What Are The Multiples Of 99?
All the multiples of 99 are numbers that can be divided by 99 without leaving a comma spot.
It is not reasanoble to list all multiples of 99, because this list would be an infinite number of multiples of ninety-nine. This is why we show the multiplication table to the first one hundred multiples of 99.
In mathematics, a multiple is the product of any quantity and an integer. In other words, for the quantities a and b, we say that b is a multiple of a if b = na for some integer n, which is called the multiplier or coefficient. If a is not zero, this is equivalent to saying that b/a is an integer with no remainder. If a and b are both integers, and b is a multiple of a, then a is called a divisor of b.
14, 49, -21 and 0 are multiples of 7, whereas 3 and -6 are not. This is because there are integers that 7 may be multiplied by to reach the values of 14, 49, 0 and -21, while there are no such integers for 3 and -6.
About Number 9. Nine is the smallest odd composite number and the minimum composite odd number that is no Fermat pseudoprime. It is the smallest natural number n, for each non-negative integer can be represented as a sum of at most n positive cubes (see Waring's problem), and the smallest positive integer n for which n squares in pairs of different positive edge length exist, the can be put together to form a rectangle. Number Nine is the number which (other than 0) as a single digit checksum generally occurs (in decimal number system) after multiplication by an arbitrary integer always even, and the number which is added to any other (except 0 and -9), as a single digit checksum the same result as the starting number itself - ie it behaves quasi-neutral.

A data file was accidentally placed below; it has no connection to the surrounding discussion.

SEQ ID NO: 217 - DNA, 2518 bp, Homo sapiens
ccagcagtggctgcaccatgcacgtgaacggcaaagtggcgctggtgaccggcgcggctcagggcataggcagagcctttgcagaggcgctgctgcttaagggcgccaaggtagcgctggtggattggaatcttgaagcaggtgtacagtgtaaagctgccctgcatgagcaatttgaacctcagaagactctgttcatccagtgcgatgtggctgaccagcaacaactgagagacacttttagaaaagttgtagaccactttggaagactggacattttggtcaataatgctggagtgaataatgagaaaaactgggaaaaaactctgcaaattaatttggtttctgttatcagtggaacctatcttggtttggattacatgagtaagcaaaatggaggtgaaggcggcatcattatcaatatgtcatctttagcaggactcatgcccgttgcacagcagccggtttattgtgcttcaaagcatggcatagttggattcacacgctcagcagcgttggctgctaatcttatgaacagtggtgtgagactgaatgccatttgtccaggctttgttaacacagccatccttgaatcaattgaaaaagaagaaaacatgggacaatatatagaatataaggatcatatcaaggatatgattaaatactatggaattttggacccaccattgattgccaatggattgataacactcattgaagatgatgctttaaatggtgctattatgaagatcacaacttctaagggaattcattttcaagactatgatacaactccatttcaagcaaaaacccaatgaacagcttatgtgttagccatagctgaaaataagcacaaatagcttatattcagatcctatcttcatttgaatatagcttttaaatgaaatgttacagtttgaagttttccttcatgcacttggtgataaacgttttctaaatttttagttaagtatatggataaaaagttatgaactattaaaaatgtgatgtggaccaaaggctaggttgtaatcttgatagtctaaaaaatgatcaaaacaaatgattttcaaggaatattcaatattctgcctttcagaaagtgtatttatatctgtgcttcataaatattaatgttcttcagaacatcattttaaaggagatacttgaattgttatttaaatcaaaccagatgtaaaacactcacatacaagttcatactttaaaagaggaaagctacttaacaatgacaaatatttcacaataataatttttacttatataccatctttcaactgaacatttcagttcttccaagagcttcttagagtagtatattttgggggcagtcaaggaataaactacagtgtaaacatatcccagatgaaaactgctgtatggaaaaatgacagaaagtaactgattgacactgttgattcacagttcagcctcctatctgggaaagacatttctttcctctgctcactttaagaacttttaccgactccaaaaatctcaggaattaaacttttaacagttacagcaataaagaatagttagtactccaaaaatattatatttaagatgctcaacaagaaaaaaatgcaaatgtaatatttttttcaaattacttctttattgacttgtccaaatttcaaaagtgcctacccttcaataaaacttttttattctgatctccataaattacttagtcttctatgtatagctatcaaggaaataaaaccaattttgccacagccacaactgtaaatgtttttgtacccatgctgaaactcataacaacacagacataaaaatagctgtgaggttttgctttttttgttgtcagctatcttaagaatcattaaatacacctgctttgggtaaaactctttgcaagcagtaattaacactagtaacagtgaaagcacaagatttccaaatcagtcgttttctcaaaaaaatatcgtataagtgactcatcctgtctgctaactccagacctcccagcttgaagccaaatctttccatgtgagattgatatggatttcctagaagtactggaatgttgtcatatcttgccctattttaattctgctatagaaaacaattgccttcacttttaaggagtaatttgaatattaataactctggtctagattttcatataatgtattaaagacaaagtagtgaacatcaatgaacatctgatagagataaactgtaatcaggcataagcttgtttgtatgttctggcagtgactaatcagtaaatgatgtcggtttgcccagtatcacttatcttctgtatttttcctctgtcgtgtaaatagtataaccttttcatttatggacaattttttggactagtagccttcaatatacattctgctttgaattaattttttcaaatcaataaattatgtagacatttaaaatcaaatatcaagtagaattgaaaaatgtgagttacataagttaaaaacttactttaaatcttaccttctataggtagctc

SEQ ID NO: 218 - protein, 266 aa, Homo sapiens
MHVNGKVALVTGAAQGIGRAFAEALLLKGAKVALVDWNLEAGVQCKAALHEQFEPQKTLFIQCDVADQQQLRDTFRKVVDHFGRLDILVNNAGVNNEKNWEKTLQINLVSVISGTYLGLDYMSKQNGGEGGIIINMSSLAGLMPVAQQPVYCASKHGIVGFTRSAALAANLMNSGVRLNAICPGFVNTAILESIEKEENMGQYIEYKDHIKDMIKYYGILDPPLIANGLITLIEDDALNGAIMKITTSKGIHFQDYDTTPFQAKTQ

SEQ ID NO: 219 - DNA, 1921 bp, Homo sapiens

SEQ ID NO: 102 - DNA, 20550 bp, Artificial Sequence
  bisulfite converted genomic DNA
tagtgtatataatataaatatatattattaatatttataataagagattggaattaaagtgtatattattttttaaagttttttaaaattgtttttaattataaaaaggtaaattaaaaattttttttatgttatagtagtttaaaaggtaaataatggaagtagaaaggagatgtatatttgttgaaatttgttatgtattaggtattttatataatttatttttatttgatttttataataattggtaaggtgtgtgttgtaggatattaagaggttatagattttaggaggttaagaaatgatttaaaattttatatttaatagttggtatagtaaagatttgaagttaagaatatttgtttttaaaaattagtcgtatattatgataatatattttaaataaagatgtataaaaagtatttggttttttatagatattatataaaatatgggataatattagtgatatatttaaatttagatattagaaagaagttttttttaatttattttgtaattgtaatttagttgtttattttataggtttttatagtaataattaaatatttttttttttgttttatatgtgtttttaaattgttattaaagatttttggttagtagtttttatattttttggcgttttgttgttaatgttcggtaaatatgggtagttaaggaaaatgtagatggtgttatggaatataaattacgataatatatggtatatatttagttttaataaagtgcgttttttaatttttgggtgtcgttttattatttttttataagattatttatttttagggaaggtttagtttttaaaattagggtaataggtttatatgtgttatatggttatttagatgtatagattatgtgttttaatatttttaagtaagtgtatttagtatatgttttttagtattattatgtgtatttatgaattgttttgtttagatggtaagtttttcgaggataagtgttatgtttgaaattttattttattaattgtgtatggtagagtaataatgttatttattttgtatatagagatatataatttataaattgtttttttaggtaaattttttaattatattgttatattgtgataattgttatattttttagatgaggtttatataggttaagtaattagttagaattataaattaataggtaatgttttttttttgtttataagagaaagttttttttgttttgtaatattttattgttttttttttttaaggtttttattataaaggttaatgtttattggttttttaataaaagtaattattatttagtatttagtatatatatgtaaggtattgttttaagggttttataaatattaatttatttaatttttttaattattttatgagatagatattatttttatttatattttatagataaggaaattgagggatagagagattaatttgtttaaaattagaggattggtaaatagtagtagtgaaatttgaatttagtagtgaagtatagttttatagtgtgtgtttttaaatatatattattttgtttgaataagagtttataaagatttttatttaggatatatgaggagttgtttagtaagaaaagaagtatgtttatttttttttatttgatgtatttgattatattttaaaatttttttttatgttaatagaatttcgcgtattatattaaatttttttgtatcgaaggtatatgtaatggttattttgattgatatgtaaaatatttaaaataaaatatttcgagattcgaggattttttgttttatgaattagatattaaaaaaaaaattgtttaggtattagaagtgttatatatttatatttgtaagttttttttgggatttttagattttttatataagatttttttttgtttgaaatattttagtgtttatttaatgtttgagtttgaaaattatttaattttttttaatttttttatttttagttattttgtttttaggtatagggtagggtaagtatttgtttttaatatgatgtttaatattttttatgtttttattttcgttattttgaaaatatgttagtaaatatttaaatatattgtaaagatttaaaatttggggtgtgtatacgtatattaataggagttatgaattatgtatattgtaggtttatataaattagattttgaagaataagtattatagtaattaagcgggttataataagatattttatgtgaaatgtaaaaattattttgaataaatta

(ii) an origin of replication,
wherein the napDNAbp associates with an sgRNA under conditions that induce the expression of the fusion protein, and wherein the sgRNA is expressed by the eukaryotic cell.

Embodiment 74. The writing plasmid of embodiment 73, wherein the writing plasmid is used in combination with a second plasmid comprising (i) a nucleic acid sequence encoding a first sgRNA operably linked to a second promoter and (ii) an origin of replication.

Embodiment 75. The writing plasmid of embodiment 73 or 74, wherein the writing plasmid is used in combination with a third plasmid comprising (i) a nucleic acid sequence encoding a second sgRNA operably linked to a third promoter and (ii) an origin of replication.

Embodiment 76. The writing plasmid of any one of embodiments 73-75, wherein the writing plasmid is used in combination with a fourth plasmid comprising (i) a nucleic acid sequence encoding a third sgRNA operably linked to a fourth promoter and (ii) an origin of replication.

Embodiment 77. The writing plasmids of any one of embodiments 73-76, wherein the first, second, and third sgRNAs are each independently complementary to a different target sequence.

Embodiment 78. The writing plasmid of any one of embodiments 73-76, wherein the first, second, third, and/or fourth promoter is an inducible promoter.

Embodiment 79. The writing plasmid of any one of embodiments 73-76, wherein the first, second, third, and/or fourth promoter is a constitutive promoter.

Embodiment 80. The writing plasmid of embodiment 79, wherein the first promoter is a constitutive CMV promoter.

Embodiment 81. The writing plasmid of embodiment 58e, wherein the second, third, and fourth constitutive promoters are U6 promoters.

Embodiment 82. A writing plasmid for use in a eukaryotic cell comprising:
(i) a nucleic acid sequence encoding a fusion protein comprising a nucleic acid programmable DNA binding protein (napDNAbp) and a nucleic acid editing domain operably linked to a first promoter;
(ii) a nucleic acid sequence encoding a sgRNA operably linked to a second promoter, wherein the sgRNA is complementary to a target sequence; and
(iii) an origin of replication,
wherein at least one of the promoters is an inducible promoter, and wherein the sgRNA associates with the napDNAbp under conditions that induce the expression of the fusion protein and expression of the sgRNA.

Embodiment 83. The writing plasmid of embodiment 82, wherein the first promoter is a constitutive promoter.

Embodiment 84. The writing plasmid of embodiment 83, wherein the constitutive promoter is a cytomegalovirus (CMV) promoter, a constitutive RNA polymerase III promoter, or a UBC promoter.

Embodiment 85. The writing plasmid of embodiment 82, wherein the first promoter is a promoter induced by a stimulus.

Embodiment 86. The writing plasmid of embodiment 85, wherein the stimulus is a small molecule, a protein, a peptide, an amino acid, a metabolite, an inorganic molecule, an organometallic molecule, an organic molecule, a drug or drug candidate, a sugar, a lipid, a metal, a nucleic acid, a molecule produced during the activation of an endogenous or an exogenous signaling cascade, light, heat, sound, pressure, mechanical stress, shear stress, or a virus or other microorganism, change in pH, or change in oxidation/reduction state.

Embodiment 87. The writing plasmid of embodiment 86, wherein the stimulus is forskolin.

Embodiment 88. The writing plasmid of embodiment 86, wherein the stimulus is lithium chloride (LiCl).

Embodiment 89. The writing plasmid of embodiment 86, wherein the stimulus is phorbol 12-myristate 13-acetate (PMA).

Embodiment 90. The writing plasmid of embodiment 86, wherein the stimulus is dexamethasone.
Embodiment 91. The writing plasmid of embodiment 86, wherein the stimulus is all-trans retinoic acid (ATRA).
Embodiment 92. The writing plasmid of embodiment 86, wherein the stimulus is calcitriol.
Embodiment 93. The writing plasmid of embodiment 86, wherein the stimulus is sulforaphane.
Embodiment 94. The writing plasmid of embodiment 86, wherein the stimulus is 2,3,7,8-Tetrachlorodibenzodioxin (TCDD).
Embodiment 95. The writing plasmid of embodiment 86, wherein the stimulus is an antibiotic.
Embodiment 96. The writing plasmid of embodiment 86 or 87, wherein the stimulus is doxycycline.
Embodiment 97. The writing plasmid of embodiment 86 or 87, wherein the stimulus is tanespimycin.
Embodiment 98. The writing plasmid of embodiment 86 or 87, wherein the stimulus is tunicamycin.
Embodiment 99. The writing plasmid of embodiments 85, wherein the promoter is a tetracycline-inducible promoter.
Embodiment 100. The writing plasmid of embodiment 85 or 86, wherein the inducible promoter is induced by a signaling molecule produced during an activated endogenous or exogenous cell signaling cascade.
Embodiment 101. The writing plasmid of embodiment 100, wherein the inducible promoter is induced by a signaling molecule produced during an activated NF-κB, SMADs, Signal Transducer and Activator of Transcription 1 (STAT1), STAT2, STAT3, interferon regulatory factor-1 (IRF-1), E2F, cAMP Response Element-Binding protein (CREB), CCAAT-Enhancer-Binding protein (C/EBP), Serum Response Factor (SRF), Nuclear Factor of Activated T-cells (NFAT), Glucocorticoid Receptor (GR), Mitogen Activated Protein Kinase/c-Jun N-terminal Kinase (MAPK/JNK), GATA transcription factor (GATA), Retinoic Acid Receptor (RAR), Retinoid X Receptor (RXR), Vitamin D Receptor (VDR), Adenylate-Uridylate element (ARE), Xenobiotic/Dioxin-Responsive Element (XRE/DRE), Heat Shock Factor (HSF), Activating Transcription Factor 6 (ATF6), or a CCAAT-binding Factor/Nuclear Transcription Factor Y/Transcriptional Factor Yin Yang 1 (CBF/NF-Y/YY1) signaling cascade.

What Numbers Can Be Multiples Of 99?
A number is multiple of ninety-nine if it contains the number 99 a particular amount of times. 495 is a multiple of 99 because it contains number 99 five times.
A number is a multiple of 99 when it is the result of multiplying 99 by another number.
Properties: 0 is a multiple of everything (0=0*b). The product of any integer n and any integer is a multiple of n. In particular, n, which is equal to n * 1, is a multiple of n (every integer is a multiple of itself), since 1 is an integer. If a and b are multiples of x then a+b and a-b are also multiples of x.